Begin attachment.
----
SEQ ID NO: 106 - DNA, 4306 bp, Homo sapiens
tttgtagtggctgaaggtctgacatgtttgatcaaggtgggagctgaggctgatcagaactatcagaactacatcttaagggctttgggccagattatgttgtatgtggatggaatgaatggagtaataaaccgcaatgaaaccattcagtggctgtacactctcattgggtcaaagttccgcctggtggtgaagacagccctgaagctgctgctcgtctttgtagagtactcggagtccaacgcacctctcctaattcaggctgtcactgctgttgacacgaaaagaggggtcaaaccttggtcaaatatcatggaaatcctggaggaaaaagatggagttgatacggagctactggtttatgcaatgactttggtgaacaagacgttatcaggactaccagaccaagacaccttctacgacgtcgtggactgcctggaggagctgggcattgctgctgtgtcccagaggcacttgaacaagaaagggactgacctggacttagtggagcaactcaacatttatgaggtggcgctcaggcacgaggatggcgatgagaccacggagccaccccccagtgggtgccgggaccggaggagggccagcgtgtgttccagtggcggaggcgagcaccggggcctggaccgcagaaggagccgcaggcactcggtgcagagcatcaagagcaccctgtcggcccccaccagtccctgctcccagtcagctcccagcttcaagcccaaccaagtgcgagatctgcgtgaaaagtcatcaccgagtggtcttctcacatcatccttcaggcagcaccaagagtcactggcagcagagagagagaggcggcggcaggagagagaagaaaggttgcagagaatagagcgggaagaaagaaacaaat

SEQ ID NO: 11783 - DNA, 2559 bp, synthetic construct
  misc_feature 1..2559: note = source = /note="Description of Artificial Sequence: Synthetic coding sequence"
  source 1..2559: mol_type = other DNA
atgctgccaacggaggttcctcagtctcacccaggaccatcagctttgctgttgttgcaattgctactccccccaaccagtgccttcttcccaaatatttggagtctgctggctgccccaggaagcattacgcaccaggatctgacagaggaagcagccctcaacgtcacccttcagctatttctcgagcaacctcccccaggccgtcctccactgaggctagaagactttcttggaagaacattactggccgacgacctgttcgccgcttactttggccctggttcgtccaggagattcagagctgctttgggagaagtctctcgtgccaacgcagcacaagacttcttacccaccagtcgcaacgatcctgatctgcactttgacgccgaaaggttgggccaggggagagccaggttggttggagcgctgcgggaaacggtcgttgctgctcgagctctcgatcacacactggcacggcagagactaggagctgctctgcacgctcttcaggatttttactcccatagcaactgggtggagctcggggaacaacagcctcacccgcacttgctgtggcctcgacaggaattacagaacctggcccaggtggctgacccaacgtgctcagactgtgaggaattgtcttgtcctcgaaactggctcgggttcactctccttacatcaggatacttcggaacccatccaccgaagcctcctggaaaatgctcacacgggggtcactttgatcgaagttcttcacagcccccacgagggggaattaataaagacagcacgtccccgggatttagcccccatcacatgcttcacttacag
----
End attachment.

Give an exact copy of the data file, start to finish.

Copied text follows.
SEQ ID NO: 106 - DNA, 4306 bp, Homo sapiens
tttgtagtggctgaaggtctgacatgtttgatcaaggtgggagctgaggctgatcagaactatcagaactacatcttaagggctttgggccagattatgttgtatgtggatggaatgaatggagtaataaaccgcaatgaaaccattcagtggctgtacactctcattgggtcaaagttccgcctggtggtgaagacagccctgaagctgctgctcgtctttgtagagtactcggagtccaacgcacctctcctaattcaggctgtcactgctgttgacacgaaaagaggggtcaaaccttggtcaaatatcatggaaatcctggaggaaaaagatggagttgatacggagctactggtttatgcaatgactttggtgaacaagacgttatcaggactaccagaccaagacaccttctacgacgtcgtggactgcctggaggagctgggcattgctgctgtgtcccagaggcacttgaacaagaaagggactgacctggacttagtggagcaactcaacatttatgaggtggcgctcaggcacgaggatggcgatgagaccacggagccaccccccagtgggtgccgggaccggaggagggccagcgtgtgttccagtggcggaggcgagcaccggggcctggaccgcagaaggagccgcaggcactcggtgcagagcatcaagagcaccctgtcggcccccaccagtccctgctcccagtcagctcccagcttcaagcccaaccaagtgcgagatctgcgtgaaaagtcatcaccgagtggtcttctcacatcatccttcaggcagcaccaagagtcactggcagcagagagagagaggcggcggcaggagagagaagaaaggttgcagagaatagagcgggaagaaagaaacaaat

SEQ ID NO: 11783 - DNA, 2559 bp, synthetic construct
  misc_feature 1..2559: note = source = /note="Description of Artificial Sequence: Synthetic coding sequence"
  source 1..2559: mol_type = other DNA
atgctgccaacggaggttcctcagtctcacccaggaccatcagctttgctgttgttgcaattgctactccccccaaccagtgccttcttcccaaatatttggagtctgctggctgccccaggaagcattacgcaccaggatctgacagaggaagcagccctcaacgtcacccttcagctatttctcgagcaacctcccccaggccgtcctccactgaggctagaagactttcttggaagaacattactggccgacgacctgttcgccgcttactttggccctggttcgtccaggagattcagagctgctttgggagaagtctctcgtgccaacgcagcacaagacttcttacccaccagtcgcaacgatcctgatctgcactttgacgccgaaaggttgggccaggggagagccaggttggttggagcgctgcgggaaacggtcgttgctgctcgagctctcgatcacacactggcacggcagagactaggagctgctctgcacgctcttcaggatttttactcccatagcaactgggtggagctcggggaacaacagcctcacccgcacttgctgtggcctcgacaggaattacagaacctggcccaggtggctgacccaacgtgctcagactgtgaggaattgtcttgtcctcgaaactggctcgggttcactctccttacatcaggatacttcggaacccatccaccgaagcctcctggaaaatgctcacacgggggtcactttgatcgaagttcttcacagcccccacgagggggaattaataaagacagcacgtccccgggatttagcccccatcacatgcttcacttacag